Plum worked with a large variety of great composers, but of all his musical collaborators, it was George Gershwin, with his blues chords and thrilling Jazz Rag Time rhythms who would go on to define the ‘sound’ of the American musical. It’s a wonder that Wodehouse could adapt so seamlessly to working with composers of such different styles from ‘Operatic ‘to ‘Swing time’, with his deft lyrics always complimenting the tunes so effortlessly. Wodehouse’s chance meeting with Jerome Kern and the librettist, Guy Bolton, in New York in 1915 was a turning point his career. No other Lyricist to this day can boast at having five musicals running simultaneously on Broadway. The pioneering shows they devised for the Princess Theatre between 1915 – 1924 not only defined the Broadway musical, but paved the way for all those who followed on the Great White Way. I am thrilled to be able to share some of these songs with you tonight by these great writers. What a rich legacy they have left us to indulge, escape and bask in.”
Hal Cazalet – June 2023.
Hal Cazalet trained at The Juilliard School, New York where he won the Shoshana Foundation Award. Hal has created leading roles in World Premiere’s for composers, Philip Glass Les Enfants Terribles (World Tour), Roxanna Panufnik The Music Programme (Polish National Opera, Linbury Theatre, Royal Opera House) and Tod Machover’s, Pulitzer Prize finalist, Death and the Powers (Chicago Opera Theatre & Dallas, Boston and Monte Carlo Operas). Other highlights include Cascada, The Merry Widow (ENO), as Albert Herring (Glyndebourne Tour), Dick Dauntless Ruddigore (Barbican Centre, Opera North) and in concert at The Wigmore Hall, Weill Hall at Carnegie Hall, and the Kennedy Center, DC. Hal’s musical of Oscar Wilde’s The Happy Prince was showcased at The Place Theatre, London, starring Janie Dee, with plans to open at the Royal Opera House, Mumbai in 2024.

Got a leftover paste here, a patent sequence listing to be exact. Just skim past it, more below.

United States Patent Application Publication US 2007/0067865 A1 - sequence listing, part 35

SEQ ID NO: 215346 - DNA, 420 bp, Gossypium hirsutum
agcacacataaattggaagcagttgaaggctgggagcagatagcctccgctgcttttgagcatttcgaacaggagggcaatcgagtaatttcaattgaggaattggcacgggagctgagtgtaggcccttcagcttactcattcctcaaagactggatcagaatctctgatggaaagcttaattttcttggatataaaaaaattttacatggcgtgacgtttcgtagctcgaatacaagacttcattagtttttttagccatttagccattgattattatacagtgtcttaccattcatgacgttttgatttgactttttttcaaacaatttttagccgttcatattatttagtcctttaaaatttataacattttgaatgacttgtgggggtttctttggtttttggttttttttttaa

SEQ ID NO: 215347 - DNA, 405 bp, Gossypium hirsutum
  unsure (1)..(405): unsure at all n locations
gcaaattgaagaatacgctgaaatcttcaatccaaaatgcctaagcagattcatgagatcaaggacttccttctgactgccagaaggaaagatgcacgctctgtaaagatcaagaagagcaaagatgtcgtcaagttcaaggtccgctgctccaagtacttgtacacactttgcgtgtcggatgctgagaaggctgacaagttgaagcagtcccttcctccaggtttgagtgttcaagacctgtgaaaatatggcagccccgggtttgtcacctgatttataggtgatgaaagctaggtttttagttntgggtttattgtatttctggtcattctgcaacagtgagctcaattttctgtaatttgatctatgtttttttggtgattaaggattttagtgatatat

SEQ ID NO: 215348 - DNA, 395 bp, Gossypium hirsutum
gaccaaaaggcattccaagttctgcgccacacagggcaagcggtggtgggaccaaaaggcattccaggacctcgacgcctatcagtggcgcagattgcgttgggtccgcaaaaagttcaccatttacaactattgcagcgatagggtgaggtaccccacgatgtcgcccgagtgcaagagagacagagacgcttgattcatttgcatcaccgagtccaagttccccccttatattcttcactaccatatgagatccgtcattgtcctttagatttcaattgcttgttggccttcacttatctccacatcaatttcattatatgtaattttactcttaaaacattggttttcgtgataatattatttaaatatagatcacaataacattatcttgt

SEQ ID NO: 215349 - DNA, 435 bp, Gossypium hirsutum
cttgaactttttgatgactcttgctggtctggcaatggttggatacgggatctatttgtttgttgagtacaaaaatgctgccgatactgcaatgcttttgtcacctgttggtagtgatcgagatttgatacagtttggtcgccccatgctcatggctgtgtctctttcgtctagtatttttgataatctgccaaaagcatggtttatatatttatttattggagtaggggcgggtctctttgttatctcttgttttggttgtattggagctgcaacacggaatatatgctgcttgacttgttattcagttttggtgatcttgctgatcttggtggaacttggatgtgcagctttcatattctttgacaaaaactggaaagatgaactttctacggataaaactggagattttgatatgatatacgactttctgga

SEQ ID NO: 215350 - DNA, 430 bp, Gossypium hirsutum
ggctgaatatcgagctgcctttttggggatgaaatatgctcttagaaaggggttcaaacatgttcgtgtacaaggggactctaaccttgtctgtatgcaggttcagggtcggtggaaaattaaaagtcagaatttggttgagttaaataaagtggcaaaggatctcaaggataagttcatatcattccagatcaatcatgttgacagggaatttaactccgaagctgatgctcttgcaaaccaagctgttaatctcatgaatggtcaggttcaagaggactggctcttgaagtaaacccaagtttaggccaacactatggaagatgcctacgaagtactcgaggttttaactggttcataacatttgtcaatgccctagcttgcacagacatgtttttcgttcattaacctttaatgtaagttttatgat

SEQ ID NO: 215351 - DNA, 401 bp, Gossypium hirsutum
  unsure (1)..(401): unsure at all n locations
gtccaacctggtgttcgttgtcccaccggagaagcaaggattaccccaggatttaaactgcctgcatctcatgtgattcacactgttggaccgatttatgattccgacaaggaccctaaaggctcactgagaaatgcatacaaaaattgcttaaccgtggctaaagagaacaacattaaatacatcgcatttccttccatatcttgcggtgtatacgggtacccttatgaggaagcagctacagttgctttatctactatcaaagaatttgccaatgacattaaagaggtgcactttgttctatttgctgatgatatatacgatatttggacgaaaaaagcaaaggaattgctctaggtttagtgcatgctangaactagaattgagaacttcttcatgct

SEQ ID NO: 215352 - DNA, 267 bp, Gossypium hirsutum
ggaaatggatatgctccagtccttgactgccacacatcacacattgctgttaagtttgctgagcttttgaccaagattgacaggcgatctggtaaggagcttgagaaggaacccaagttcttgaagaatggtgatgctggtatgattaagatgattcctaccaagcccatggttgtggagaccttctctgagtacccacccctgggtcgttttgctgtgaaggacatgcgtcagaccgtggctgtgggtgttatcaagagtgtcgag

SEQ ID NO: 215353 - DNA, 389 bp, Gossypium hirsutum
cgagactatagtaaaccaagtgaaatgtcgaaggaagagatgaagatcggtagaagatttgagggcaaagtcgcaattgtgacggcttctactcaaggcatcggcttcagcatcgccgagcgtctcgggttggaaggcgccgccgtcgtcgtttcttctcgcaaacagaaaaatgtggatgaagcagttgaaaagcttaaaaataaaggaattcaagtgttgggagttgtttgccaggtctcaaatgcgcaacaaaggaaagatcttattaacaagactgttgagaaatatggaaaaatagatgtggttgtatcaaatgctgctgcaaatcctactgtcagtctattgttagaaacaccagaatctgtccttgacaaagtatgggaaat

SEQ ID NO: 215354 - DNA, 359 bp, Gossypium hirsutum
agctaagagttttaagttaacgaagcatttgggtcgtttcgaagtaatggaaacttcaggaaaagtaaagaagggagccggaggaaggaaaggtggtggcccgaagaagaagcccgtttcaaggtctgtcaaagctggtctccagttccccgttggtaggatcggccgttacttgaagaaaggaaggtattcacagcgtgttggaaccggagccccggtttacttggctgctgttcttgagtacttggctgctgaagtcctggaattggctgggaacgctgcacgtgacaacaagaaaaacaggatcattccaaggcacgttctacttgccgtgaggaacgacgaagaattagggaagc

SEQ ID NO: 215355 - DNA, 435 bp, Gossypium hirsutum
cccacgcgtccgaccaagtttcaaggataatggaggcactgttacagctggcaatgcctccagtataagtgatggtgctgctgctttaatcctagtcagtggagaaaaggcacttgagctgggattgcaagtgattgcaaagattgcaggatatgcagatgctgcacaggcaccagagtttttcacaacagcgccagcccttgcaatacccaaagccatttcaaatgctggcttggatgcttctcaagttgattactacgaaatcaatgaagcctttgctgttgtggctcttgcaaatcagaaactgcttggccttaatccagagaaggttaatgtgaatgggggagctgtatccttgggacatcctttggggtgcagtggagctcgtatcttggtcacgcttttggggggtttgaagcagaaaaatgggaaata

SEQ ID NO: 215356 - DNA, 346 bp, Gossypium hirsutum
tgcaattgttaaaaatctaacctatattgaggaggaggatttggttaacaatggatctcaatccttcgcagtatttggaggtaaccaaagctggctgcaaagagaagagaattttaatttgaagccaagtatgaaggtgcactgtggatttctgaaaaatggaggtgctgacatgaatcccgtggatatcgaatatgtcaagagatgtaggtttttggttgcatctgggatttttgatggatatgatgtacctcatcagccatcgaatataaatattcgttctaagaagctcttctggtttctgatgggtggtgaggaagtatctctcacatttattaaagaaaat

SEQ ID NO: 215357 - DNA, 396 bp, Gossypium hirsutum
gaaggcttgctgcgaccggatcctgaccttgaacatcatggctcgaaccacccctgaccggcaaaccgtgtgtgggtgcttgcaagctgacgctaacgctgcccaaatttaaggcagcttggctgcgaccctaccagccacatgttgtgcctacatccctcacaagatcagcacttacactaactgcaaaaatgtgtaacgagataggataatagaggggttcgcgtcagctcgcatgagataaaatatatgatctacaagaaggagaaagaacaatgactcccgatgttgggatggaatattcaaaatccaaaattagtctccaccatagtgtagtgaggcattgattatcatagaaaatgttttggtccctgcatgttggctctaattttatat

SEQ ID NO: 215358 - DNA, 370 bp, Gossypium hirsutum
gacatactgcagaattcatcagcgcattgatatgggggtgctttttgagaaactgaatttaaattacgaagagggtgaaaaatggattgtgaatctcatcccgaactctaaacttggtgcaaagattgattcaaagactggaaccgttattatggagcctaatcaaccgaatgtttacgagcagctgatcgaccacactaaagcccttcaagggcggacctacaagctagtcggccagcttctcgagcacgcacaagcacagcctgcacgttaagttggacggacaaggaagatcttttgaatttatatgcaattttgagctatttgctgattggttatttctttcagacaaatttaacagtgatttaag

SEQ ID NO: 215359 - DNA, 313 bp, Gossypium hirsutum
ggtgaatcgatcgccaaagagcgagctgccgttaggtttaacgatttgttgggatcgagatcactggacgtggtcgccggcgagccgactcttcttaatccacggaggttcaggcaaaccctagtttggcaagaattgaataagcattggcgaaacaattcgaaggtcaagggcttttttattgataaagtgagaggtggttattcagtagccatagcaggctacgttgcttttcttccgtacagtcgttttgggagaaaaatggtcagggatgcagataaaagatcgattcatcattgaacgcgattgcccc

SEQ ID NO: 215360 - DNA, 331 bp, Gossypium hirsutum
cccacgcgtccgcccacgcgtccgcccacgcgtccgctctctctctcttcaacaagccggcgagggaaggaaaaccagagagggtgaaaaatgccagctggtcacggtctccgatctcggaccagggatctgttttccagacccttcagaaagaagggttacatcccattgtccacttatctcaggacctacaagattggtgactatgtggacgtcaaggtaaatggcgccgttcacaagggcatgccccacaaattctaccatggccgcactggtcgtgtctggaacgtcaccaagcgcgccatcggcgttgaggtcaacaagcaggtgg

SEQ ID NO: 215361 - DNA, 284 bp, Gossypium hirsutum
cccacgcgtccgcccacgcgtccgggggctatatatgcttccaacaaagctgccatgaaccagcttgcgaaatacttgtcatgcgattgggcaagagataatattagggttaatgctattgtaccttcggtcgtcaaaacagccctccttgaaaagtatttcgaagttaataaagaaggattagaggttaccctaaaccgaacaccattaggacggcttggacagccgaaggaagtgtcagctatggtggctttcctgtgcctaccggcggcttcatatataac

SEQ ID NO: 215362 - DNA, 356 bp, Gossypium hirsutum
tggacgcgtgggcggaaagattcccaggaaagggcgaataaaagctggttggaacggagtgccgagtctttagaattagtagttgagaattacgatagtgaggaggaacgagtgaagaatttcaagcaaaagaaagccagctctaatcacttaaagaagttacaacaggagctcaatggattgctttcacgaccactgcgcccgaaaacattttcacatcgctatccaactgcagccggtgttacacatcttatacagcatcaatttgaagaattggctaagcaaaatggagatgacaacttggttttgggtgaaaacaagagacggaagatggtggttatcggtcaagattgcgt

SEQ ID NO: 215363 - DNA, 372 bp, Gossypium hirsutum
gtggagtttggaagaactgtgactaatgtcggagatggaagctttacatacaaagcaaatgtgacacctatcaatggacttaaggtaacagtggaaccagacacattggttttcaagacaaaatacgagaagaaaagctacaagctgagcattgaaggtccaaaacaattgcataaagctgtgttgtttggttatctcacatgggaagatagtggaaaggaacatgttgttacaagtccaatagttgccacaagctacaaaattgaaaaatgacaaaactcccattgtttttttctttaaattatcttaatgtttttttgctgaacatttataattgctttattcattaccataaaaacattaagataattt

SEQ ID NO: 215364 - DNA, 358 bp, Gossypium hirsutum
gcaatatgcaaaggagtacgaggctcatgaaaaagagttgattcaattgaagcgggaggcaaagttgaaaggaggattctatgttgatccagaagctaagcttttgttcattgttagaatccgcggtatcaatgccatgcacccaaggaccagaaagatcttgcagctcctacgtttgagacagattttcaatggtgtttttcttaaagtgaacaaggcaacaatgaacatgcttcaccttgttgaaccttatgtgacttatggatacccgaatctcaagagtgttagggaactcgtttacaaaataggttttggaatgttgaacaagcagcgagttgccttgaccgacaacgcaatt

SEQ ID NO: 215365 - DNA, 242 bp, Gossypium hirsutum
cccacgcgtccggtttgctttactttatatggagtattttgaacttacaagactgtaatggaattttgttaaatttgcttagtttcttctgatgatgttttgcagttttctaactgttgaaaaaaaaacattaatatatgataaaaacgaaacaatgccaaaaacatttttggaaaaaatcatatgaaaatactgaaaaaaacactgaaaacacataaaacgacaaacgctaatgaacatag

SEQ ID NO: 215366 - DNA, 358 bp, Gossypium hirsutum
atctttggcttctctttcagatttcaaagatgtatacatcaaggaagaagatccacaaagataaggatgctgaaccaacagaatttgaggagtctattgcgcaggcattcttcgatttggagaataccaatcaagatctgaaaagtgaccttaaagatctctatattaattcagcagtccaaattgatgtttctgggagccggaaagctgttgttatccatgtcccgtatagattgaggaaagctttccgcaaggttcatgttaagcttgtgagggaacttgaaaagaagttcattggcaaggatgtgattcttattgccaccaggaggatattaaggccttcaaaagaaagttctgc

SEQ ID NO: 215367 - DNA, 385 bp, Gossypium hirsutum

Simon Beck credits include musical director of the Glamis Prom with the Scottish Pops Orchestra, Live At Las Vegas, Scott Alan Live at IndigO2, West End Stars In Concert with the Orchestra of Contemporary Music of ERT starring Ramin Karimloo, and Dancing On Ice on Greek national TV. Music Supervisor/Arranger of The Boyfriend, Monty Python’s Spamalot and Richard O’Brien’s Rocky Horror Show. Music Director of The Boyfriend, Sweet Charity, Spamilton, Ruthless!, Legally Blonde, Spamalot, Victoria Wood’s Talent, West Side Story, Sinatra, The Rocky Horror Show. In concert, Simon has been Music Director/Conductor for a host of stars, including Stephanie J Block, Hal Cazalet, Lorna Dallas, Sophie-Louise Dann, Cynthia Erivo, Andrew Lippa, Lorna Luft, Sally Mayes, and Liz Robertson. Associate Music Director of Monty Python Live (Almost) (O2 Arena, live cinema/TV broadcast worldwide, and DVD). Simon recently released his debut album The Courage of A Dreamer.